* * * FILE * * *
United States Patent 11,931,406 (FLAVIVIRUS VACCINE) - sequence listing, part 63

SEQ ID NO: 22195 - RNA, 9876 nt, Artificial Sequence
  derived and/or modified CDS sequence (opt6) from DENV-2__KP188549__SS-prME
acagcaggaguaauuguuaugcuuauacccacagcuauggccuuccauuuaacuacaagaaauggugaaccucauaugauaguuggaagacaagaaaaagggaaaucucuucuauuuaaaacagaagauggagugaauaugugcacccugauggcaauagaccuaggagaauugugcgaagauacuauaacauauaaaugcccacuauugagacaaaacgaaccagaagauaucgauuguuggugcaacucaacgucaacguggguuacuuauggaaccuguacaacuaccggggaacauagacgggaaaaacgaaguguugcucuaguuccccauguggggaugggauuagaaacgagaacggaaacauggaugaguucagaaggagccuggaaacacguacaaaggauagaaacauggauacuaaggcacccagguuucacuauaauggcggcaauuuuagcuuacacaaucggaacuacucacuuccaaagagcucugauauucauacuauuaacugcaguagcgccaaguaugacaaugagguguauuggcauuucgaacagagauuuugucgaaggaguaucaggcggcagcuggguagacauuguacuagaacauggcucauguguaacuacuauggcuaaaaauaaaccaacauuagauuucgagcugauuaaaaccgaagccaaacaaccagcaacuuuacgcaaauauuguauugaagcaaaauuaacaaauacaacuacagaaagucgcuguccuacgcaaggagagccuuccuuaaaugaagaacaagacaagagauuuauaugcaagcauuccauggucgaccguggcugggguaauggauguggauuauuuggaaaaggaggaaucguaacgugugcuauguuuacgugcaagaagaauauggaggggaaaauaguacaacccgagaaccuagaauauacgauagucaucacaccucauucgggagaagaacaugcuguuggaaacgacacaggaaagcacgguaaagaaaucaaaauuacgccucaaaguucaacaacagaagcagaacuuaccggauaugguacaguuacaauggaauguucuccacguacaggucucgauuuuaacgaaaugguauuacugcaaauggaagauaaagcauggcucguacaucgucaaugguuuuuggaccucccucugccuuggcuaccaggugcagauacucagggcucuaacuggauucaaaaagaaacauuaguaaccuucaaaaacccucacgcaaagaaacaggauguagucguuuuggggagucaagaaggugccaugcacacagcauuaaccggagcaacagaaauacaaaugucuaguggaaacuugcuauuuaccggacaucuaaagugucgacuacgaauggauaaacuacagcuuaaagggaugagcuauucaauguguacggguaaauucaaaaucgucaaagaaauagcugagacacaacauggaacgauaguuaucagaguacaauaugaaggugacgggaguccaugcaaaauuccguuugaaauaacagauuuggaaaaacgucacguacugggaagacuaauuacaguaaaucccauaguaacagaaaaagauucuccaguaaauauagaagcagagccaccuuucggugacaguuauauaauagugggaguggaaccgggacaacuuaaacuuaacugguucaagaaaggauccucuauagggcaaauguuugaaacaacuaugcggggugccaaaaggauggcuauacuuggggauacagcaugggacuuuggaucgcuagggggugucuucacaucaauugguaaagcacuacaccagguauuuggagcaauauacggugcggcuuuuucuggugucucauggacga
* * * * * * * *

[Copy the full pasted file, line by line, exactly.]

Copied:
United States Patent 11,931,406 (FLAVIVIRUS VACCINE) - sequence listing, part 63

SEQ ID NO: 22195 - RNA, 9876 nt, Artificial Sequence
  derived and/or modified CDS sequence (opt6) from DENV-2__KP188549__SS-prME
acagcaggaguaauuguuaugcuuauacccacagcuauggccuuccauuuaacuacaagaaauggugaaccucauaugauaguuggaagacaagaaaaagggaaaucucuucuauuuaaaacagaagauggagugaauaugugcacccugauggcaauagaccuaggagaauugugcgaagauacuauaacauauaaaugcccacuauugagacaaaacgaaccagaagauaucgauuguuggugcaacucaacgucaacguggguuacuuauggaaccuguacaacuaccggggaacauagacgggaaaaacgaaguguugcucuaguuccccauguggggaugggauuagaaacgagaacggaaacauggaugaguucagaaggagccuggaaacacguacaaaggauagaaacauggauacuaaggcacccagguuucacuauaauggcggcaauuuuagcuuacacaaucggaacuacucacuuccaaagagcucugauauucauacuauuaacugcaguagcgccaaguaugacaaugagguguauuggcauuucgaacagagauuuugucgaaggaguaucaggcggcagcuggguagacauuguacuagaacauggcucauguguaacuacuauggcuaaaaauaaaccaacauuagauuucgagcugauuaaaaccgaagccaaacaaccagcaacuuuacgcaaauauuguauugaagcaaaauuaacaaauacaacuacagaaagucgcuguccuacgcaaggagagccuuccuuaaaugaagaacaagacaagagauuuauaugcaagcauuccauggucgaccguggcugggguaauggauguggauuauuuggaaaaggaggaaucguaacgugugcuauguuuacgugcaagaagaauauggaggggaaaauaguacaacccgagaaccuagaauauacgauagucaucacaccucauucgggagaagaacaugcuguuggaaacgacacaggaaagcacgguaaagaaaucaaaauuacgccucaaaguucaacaacagaagcagaacuuaccggauaugguacaguuacaauggaauguucuccacguacaggucucgauuuuaacgaaaugguauuacugcaaauggaagauaaagcauggcucguacaucgucaaugguuuuuggaccucccucugccuuggcuaccaggugcagauacucagggcucuaacuggauucaaaaagaaacauuaguaaccuucaaaaacccucacgcaaagaaacaggauguagucguuuuggggagucaagaaggugccaugcacacagcauuaaccggagcaacagaaauacaaaugucuaguggaaacuugcuauuuaccggacaucuaaagugucgacuacgaauggauaaacuacagcuuaaagggaugagcuauucaauguguacggguaaauucaaaaucgucaaagaaauagcugagacacaacauggaacgauaguuaucagaguacaauaugaaggugacgggaguccaugcaaaauuccguuugaaauaacagauuuggaaaaacgucacguacugggaagacuaauuacaguaaaucccauaguaacagaaaaagauucuccaguaaauauagaagcagagccaccuuucggugacaguuauauaauagugggaguggaaccgggacaacuuaaacuuaacugguucaagaaaggauccucuauagggcaaauguuugaaacaacuaugcggggugccaaaaggauggcuauacuuggggauacagcaugggacuuuggaucgcuagggggugucuucacaucaauugguaaagcacuacaccagguauuuggagcaauauacggugcggcuuuuucuggugucucauggacga